Completion of the Human Genome Project unlocked unprecedented opportunities for discovering underlying etiologies of human disease, including those that present early in life. Delivering on the promises of precision health and genomic medicine is, in part, contingent on developing responsible policies and practices of genomic and associated clinical data sharing. In this talk, I discuss the dual role of scientific collaboration and policy harmonization in data governance as two avenues by which such promises can be realized for patient populations with consent-related vulnerabilities such as children and incompetent adults. I explore through a critical bioethics lens the relationships among i) genomic data producers, ii) users and iii) regulators using findings from my dissertation research on pediatric rare genetic disease as a case example for how proportionate data governance allows for greater data mobilization. I pay particular attention to the ways in which normative ethical-legal bases of data privacy and security map onto, and evolve in line with new genomic possibilities that activate children’s rights to benefit from the clinical applications thereof. I conclude with thoughts on how through proportionate data sharing policies the ‘omics' disciplines can be both equity-enhancing and forward looking as they tackle questions relevant for primary care in the future.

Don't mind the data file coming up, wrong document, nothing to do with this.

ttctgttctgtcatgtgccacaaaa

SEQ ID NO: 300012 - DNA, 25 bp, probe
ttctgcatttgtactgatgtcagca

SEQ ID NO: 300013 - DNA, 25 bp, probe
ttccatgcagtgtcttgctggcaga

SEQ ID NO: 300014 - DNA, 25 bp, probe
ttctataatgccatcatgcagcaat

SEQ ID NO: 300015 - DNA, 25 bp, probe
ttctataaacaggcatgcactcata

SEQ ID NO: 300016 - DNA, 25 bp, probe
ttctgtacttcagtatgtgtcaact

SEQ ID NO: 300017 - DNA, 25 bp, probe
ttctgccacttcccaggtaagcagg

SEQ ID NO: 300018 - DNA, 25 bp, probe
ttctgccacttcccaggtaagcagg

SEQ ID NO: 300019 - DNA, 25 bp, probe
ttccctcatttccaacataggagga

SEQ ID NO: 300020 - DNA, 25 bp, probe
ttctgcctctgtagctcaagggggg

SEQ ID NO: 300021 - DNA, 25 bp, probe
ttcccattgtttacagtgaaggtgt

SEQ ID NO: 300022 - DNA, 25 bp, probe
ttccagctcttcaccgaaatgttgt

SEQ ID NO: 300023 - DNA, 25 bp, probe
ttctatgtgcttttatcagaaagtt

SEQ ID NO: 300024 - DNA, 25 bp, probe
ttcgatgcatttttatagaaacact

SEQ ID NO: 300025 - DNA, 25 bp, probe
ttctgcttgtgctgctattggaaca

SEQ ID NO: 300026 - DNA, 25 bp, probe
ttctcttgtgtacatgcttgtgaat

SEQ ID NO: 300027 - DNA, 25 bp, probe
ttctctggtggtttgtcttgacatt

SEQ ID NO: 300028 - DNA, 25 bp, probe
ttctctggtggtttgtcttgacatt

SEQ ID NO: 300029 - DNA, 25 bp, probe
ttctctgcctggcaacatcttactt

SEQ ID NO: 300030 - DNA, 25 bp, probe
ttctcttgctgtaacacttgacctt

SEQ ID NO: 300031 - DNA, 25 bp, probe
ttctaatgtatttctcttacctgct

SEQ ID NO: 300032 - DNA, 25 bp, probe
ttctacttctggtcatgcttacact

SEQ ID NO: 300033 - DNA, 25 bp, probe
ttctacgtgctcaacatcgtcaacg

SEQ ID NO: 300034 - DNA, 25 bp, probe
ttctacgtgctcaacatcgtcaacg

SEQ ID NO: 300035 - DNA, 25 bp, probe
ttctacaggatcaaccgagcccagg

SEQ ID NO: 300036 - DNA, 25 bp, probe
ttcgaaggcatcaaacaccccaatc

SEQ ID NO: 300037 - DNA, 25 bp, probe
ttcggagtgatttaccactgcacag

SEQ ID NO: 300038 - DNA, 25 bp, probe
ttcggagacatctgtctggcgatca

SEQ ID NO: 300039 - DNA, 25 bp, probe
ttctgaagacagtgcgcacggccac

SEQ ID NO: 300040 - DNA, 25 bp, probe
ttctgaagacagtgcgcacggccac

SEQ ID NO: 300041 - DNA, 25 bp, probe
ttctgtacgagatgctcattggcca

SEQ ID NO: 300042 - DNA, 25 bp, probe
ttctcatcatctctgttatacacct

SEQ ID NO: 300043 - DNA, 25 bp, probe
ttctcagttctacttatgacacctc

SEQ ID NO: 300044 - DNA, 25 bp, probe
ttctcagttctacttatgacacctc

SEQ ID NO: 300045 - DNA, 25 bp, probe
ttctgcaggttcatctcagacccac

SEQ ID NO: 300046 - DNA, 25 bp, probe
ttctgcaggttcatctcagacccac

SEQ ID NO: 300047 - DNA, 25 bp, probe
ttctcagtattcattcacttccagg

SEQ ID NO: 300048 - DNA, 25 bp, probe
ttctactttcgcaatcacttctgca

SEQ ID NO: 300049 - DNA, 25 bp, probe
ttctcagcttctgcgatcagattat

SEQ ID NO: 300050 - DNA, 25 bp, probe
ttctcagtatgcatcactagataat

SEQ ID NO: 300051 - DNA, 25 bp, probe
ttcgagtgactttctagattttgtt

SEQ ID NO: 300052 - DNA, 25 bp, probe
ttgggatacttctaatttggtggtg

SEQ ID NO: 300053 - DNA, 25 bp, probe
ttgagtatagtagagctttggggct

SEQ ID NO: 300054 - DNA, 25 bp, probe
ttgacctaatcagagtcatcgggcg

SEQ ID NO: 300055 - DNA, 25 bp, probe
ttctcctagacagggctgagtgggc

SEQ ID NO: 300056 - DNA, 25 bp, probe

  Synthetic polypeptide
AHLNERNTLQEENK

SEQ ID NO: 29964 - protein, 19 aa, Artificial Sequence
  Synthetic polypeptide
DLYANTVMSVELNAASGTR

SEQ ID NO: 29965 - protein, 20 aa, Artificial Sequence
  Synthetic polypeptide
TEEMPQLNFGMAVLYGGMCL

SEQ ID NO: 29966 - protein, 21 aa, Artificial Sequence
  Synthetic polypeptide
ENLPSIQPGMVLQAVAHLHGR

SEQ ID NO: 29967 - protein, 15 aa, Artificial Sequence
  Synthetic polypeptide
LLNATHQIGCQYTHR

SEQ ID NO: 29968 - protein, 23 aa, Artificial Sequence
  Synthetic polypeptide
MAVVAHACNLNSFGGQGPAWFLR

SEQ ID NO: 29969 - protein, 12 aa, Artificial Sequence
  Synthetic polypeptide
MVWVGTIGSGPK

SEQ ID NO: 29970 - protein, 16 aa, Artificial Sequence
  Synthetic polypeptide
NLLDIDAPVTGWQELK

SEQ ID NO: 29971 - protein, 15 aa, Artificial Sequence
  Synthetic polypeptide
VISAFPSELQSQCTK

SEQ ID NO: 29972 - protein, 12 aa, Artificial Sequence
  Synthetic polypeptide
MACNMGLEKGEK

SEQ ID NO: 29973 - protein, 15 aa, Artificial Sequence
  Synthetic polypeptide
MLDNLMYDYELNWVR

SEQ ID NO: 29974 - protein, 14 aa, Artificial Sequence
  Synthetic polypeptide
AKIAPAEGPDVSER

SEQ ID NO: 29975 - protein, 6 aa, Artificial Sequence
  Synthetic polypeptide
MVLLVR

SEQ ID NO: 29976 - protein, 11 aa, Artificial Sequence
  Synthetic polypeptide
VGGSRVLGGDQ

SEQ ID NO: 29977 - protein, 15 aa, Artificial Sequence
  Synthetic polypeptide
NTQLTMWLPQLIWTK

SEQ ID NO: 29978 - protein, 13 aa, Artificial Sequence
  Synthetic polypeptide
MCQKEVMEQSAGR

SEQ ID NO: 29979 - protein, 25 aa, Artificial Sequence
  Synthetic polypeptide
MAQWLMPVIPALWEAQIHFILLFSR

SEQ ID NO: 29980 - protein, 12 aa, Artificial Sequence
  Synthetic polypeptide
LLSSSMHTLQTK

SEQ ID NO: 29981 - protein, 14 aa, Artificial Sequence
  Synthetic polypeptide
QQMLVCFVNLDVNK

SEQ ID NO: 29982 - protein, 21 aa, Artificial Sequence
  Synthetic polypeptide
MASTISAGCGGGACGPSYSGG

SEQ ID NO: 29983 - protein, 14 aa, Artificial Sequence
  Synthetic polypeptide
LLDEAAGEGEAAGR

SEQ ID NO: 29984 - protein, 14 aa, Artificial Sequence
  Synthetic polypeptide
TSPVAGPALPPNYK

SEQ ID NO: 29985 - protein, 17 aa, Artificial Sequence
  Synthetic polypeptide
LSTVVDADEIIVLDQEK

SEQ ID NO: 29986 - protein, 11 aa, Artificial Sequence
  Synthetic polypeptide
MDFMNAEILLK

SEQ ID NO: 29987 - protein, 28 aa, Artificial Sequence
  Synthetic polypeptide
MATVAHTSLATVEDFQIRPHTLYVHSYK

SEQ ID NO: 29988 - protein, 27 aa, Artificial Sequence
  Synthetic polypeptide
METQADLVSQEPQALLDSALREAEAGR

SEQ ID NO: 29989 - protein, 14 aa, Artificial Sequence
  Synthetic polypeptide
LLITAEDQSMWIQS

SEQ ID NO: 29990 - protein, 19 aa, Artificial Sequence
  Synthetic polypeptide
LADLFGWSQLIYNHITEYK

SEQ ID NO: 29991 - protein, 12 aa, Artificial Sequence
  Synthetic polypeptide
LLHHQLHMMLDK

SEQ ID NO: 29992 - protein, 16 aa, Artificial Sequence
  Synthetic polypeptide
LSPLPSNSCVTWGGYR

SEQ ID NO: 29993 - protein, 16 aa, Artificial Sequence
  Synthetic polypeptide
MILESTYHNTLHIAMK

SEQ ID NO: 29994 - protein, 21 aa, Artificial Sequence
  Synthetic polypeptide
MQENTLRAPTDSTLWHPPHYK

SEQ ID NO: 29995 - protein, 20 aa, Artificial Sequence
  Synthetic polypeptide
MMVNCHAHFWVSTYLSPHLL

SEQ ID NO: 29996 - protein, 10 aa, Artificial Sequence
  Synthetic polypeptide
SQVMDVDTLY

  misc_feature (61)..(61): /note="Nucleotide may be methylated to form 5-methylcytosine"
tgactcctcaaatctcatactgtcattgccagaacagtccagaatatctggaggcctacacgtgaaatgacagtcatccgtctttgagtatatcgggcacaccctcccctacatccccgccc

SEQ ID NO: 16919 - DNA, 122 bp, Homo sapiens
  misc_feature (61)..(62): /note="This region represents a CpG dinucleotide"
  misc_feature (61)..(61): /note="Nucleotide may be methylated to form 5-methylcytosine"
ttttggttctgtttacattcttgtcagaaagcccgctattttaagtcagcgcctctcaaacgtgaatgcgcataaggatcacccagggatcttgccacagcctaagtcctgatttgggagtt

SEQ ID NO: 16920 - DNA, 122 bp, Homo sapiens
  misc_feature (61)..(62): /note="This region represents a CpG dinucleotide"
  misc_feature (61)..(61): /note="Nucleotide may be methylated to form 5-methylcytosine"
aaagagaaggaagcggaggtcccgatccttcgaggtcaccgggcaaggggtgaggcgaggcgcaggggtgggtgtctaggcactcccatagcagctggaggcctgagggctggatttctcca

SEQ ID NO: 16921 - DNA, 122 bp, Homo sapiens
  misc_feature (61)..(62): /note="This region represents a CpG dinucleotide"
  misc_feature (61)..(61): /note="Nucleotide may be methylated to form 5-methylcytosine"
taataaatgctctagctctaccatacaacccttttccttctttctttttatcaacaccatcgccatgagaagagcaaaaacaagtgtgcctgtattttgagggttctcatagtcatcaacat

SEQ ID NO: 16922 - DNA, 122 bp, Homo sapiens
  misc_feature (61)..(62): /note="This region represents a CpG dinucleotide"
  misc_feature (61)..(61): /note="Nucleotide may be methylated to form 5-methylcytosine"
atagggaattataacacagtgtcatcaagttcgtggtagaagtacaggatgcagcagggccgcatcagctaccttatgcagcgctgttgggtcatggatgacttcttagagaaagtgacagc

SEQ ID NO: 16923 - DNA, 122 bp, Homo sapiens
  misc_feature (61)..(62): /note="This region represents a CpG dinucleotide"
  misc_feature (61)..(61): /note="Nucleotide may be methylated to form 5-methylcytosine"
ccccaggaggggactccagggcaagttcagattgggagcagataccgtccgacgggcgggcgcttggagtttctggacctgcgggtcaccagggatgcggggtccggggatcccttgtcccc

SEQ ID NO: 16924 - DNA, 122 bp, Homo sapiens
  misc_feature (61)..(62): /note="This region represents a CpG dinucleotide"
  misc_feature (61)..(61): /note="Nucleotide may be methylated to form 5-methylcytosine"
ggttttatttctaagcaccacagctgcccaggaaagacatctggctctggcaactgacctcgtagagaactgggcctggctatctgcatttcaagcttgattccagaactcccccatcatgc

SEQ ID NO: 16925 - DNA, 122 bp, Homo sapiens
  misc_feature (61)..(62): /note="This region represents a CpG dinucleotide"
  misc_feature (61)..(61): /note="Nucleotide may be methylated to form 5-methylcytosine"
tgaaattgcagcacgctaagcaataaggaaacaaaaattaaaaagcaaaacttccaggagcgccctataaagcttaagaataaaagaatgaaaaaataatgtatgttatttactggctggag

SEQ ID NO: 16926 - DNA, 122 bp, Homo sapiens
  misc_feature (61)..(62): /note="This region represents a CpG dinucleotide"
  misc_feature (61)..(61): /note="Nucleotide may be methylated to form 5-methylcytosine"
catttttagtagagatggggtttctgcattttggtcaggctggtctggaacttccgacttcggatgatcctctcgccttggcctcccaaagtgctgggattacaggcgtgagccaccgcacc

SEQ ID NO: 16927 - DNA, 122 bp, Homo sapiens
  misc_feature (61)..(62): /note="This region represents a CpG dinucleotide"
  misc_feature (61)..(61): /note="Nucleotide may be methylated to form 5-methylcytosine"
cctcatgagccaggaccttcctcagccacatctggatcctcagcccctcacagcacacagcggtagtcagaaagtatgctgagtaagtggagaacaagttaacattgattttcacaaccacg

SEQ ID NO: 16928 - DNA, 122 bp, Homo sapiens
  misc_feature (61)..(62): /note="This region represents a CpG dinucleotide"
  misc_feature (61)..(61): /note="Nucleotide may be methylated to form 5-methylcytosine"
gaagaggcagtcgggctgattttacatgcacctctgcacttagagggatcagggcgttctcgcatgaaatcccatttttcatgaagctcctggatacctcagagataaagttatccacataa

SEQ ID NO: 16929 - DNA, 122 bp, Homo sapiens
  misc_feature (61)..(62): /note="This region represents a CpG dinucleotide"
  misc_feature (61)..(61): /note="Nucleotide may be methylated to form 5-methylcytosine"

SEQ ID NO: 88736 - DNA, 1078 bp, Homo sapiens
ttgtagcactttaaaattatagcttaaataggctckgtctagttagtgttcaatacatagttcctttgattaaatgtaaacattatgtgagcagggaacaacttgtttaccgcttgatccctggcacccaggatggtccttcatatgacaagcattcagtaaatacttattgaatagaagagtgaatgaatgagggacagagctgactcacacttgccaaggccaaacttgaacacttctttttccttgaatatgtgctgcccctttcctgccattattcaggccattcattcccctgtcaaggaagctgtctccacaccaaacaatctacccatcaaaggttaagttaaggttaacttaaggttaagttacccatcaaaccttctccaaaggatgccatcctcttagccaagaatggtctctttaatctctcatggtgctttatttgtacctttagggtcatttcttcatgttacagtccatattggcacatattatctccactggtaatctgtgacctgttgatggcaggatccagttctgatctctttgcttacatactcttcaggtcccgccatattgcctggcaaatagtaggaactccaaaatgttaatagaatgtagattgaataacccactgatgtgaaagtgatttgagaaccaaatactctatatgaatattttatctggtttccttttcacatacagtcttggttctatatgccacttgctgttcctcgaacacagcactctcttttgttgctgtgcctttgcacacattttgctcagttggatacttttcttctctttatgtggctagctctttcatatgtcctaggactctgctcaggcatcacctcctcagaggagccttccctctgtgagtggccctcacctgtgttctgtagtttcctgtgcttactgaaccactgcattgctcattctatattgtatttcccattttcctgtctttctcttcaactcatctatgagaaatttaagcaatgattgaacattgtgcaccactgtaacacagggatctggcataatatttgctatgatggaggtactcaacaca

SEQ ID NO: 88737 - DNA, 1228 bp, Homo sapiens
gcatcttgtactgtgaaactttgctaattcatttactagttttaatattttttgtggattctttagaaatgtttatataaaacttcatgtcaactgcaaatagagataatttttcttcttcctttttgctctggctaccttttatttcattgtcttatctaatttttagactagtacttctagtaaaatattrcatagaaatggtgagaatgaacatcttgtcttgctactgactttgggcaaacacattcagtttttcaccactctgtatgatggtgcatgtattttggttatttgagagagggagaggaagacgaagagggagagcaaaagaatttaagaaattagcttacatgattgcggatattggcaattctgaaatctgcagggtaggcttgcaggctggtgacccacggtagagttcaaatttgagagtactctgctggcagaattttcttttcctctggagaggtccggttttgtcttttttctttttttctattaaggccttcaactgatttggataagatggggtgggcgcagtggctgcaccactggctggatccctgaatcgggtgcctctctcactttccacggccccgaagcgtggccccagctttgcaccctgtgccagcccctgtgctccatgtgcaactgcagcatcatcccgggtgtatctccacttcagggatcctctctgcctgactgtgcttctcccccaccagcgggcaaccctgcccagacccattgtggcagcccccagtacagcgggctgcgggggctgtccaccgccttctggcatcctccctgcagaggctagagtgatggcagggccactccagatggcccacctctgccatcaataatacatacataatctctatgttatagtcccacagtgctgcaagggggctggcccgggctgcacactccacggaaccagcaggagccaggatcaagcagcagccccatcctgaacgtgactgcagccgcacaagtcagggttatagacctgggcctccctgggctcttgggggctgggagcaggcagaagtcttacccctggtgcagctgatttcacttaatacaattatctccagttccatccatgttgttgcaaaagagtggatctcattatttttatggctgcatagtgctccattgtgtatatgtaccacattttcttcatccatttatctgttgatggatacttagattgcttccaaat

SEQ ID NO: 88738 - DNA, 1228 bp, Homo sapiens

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Earlier Event: March 24International Biobanking Conference Qatar
Later Event: April 11Personal Genomes: Accessing, Sharing and Interpretation